Some people may consider the task of planning a week's meals and writing out a shopping list to be tedious and pointless. Myself, I consider it to be a small price to pay. Meal planning for parents is always going to be more tricky than for people with no kids. For a start if your kids are anything like mine, they change their preferences at least once per day. But still, having a plan of action will definitely help keep you sane. Relatively.
I hear parents complain fairly often about wasting food, wasting money, and being stuck in a rut not knowing what to cook. Do you find yourself wandering round the supermarket with no real plan, just picking up whatever seems like a good idea at the time? How many times do you have to nip back during the week to pick up something for dinner, or something you forgot? How often does food sit and rot in your fridge when you can't really remember why you bought it? But okra was three packs for a fiver! Maybe so, but you still have no idea how to use it.
I feel you, I've been there. I still do it sometimes, you should know by now that I'm not perfect by any means. But this one simple process can fix these things, to a degree. I've been asked by a few people to share my basic principles of meal planning for parents so here we are! It is split into two main parts: planning, and execution.
Meal Planning for Parents
How many recipe books do you have which never get used? I am sitting next to my cookbook shelf in the kitchen as I write this, and I have over fifty. Do I win? Ok, so maybe I never used them before but I am getting much better! And I'll admit it, I actually really enjoy flicking through the pages and finding new ideas. If you don't have the physical books try browsing sites like Jamie Oliver, BBC Good Food, or follow some food blogs such as Oh She Glows and Hungry Healthy Happy.
I like to follow a simple flow with any of these habits, so here's how to start making the all-important plan...
- Pick a day you're going to do your weekly shop. Yes, I realise sometimes this will have to change, but habits work better when you create routine. Pick a day and stick to it wherever possible. Let's say, for example, that you pick Saturday. Your meal planning day will now be Friday, to save it being a rush and giving time for edits if you need them.
- On Friday, grab a pen and paper and some recipe books (or your tablet/phone/laptop if you're futuristic), and preferably involve your family. Sit down and plan your evening meals from Saturday to Friday. If you want to take it up a notch you can plan what the kids want in their lunchboxes, what breakfasts you want, snacks etc. It's completely up to you, it's fine to start just with evening meals.
- It's important to note here that you can plan meals which last more than one night. Leftovers are a staple in my house, we rarely cook something which will only feed us once. Curries, stews, pasta sauces, chillies...all of these are easy to bulk up and produce a lot in one go for no extra effort and very little extra cost.
- When your weekly list is complete, it's time for you to transcribe this into a shopping list. Write out the ingredients for each meal on your list. While you are doing this, check your cupboards as you may have a tin of cannellini beans lurking which you'd forgotten about. Once you have added all the ingredients for your evening meals you can add any other bits and pieces you'll need for the week.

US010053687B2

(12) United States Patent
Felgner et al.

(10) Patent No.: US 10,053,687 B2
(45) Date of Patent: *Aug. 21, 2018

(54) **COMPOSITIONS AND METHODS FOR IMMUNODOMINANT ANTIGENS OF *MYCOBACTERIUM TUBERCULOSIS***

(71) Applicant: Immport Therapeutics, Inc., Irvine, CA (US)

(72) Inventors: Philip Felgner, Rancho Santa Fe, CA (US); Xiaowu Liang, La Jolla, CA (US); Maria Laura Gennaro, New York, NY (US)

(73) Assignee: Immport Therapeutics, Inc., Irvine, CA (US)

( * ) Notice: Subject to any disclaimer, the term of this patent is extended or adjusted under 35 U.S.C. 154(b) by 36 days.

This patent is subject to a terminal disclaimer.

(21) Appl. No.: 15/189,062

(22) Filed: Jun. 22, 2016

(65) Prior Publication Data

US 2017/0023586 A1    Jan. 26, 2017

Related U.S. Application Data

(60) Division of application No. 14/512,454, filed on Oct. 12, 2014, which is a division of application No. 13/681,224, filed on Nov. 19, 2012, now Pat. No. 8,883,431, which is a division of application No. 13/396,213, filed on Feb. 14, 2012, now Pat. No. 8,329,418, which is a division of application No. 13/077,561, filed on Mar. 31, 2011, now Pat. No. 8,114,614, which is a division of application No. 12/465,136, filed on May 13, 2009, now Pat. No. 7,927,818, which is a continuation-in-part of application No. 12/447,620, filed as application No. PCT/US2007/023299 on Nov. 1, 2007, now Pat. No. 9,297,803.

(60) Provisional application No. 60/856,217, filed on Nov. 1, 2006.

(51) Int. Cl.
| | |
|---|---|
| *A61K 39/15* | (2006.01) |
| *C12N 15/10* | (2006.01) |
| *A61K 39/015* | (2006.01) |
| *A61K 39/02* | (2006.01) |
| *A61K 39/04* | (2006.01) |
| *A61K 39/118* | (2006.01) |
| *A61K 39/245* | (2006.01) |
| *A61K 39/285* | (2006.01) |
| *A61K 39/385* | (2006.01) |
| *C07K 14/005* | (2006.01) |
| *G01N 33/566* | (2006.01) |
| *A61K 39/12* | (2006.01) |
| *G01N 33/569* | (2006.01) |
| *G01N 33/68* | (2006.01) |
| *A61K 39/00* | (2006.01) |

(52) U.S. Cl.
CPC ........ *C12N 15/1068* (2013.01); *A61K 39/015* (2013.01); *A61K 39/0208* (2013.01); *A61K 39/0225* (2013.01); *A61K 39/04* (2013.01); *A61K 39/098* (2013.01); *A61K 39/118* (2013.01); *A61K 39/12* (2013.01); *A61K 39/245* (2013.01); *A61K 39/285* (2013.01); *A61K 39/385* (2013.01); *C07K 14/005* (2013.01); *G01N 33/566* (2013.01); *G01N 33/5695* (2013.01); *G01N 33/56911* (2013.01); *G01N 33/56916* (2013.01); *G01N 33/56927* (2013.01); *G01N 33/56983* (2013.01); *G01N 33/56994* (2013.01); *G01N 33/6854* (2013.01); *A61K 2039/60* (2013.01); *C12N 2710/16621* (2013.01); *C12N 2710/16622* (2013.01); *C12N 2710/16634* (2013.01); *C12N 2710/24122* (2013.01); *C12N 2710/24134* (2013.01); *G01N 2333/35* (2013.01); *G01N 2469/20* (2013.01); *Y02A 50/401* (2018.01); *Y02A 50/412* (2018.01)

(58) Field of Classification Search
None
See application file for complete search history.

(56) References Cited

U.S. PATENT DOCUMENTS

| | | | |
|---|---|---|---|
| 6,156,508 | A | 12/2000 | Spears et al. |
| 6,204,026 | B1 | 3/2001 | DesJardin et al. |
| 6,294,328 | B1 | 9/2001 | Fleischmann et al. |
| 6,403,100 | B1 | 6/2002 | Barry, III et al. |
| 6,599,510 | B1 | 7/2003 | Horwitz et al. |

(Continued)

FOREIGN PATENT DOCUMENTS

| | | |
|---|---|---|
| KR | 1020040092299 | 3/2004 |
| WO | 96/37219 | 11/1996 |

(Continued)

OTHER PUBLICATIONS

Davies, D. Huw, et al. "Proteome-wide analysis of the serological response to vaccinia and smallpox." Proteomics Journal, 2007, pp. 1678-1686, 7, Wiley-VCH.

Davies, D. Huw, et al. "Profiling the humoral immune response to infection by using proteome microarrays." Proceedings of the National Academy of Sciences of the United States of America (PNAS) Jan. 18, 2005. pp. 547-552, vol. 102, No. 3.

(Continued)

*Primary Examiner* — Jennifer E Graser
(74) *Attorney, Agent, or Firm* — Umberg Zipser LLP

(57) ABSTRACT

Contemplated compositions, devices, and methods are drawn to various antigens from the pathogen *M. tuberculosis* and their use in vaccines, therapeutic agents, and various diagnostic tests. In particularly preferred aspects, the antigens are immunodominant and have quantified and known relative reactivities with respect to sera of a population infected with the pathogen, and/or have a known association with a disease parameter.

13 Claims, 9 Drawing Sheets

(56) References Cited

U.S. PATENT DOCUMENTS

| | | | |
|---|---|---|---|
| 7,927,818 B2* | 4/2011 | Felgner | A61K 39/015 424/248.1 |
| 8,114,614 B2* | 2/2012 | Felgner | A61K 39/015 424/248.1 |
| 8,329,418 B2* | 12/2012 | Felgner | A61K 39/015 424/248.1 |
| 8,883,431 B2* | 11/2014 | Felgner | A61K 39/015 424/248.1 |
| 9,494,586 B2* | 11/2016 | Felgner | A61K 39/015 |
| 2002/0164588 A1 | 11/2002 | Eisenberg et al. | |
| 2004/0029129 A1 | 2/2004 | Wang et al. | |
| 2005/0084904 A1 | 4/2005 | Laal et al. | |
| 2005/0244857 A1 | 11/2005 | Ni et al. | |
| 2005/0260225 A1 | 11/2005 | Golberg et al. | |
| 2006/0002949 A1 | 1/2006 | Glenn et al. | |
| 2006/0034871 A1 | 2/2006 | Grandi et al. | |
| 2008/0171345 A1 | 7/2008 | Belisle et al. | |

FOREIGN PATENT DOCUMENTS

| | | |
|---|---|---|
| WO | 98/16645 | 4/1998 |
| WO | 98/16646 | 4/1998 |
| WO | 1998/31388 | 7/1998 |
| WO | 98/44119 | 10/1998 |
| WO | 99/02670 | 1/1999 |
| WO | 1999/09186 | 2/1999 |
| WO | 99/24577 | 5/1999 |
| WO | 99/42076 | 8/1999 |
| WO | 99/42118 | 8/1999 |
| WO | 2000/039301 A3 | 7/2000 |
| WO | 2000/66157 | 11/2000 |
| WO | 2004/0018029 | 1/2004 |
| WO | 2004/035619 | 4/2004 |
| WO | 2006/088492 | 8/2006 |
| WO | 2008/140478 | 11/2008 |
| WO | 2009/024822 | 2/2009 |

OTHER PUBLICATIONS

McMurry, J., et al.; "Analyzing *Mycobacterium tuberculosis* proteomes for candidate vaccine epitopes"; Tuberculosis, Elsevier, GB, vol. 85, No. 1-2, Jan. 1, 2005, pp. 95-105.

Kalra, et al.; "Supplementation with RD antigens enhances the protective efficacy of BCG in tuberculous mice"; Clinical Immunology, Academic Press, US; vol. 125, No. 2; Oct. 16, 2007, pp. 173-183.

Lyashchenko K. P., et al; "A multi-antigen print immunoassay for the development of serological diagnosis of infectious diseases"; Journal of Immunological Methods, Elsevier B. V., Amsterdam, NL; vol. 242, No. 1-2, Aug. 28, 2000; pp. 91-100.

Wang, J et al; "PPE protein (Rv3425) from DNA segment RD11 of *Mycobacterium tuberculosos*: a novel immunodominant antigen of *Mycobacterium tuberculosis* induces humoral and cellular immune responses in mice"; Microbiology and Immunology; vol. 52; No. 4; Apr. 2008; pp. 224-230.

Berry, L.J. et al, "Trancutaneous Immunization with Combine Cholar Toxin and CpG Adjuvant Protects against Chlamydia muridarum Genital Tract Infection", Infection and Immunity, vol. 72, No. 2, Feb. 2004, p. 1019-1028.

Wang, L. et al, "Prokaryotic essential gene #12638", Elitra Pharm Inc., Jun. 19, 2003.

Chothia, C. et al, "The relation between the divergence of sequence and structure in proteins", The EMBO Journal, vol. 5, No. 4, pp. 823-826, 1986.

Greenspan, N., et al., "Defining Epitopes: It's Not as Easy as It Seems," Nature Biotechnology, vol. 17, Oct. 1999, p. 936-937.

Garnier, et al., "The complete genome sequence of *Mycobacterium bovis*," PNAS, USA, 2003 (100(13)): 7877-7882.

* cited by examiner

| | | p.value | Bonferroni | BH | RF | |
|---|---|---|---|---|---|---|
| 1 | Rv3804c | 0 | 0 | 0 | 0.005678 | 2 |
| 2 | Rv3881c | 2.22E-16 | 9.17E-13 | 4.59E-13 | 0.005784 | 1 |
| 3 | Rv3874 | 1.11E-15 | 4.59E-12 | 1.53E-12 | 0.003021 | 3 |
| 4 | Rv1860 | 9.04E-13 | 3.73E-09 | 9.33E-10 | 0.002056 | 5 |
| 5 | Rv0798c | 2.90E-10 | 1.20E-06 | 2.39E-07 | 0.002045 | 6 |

Try something new: dark chocolate vegan flapjack
Shopping/Executing the Plan
This post isn't just about meal planning for parents, oh no. I'm talking about shopping too! You may think that shopping is just a case of going in and getting stuff. Oh no my friend, a few pointers here and your whole experience will improve!
I don't know about you, but I used to dread taking the kids shopping. I wasn't particularly enamoured by the prospect of screaming, fighting and snatching random bottles of wine of the shelves. The kids, not me. Although by the end of it that's what I would be considering. Who can blame the kids though, it's not actually that exciting for them is it?
Well, you're about to change all that.
Here are a few pointers to smooth the ride:
- Involve the kids. Don't get scared, hear me out. If you have involved them in the process from the start then this will be easier, as they feel invested in the meals for the week already. Even if you haven't, kids love being given responsibility. You are in charge of the list (unless you have an older kid who you trust with this part) and you can instruct the young'uns to go and fetch what you need. Within your sight, of course. If you have very young children who are sitting in the trolley/pram then involve them by showing what you are picking up. You may feel this would add more time to the shopping trip. My experience is that you save time which would have been spent fighting and arguing! Also, if you're more calm you are less likely to forget things and therefore less likely to make further shopping trips.
- Stick to your list. Don't go picking up other bits, no matter how you may feel, or what the kids say. If you want to stay clear of food wastage and spending extra quids then this is important! The supermarket is laid out to encourage you to buy stuff you don't need. Only pick a special offer up if it's something already on your list.
- Don't go shopping on an empty stomach. Seriously, you should know this one! It's much easier to steer clear of impulse buys if you (and your kids) aren't contending with stomach rumbles.
Read more: Staying Healthy As A Parent
So there you have it, meal planning for parents in a not-so-complicated little package. How to reduce your food wastage, money wastage, and get out of that food rut. Please let me know in the comments how you get on! Or if this is something you already do, how have you found it benefits you!
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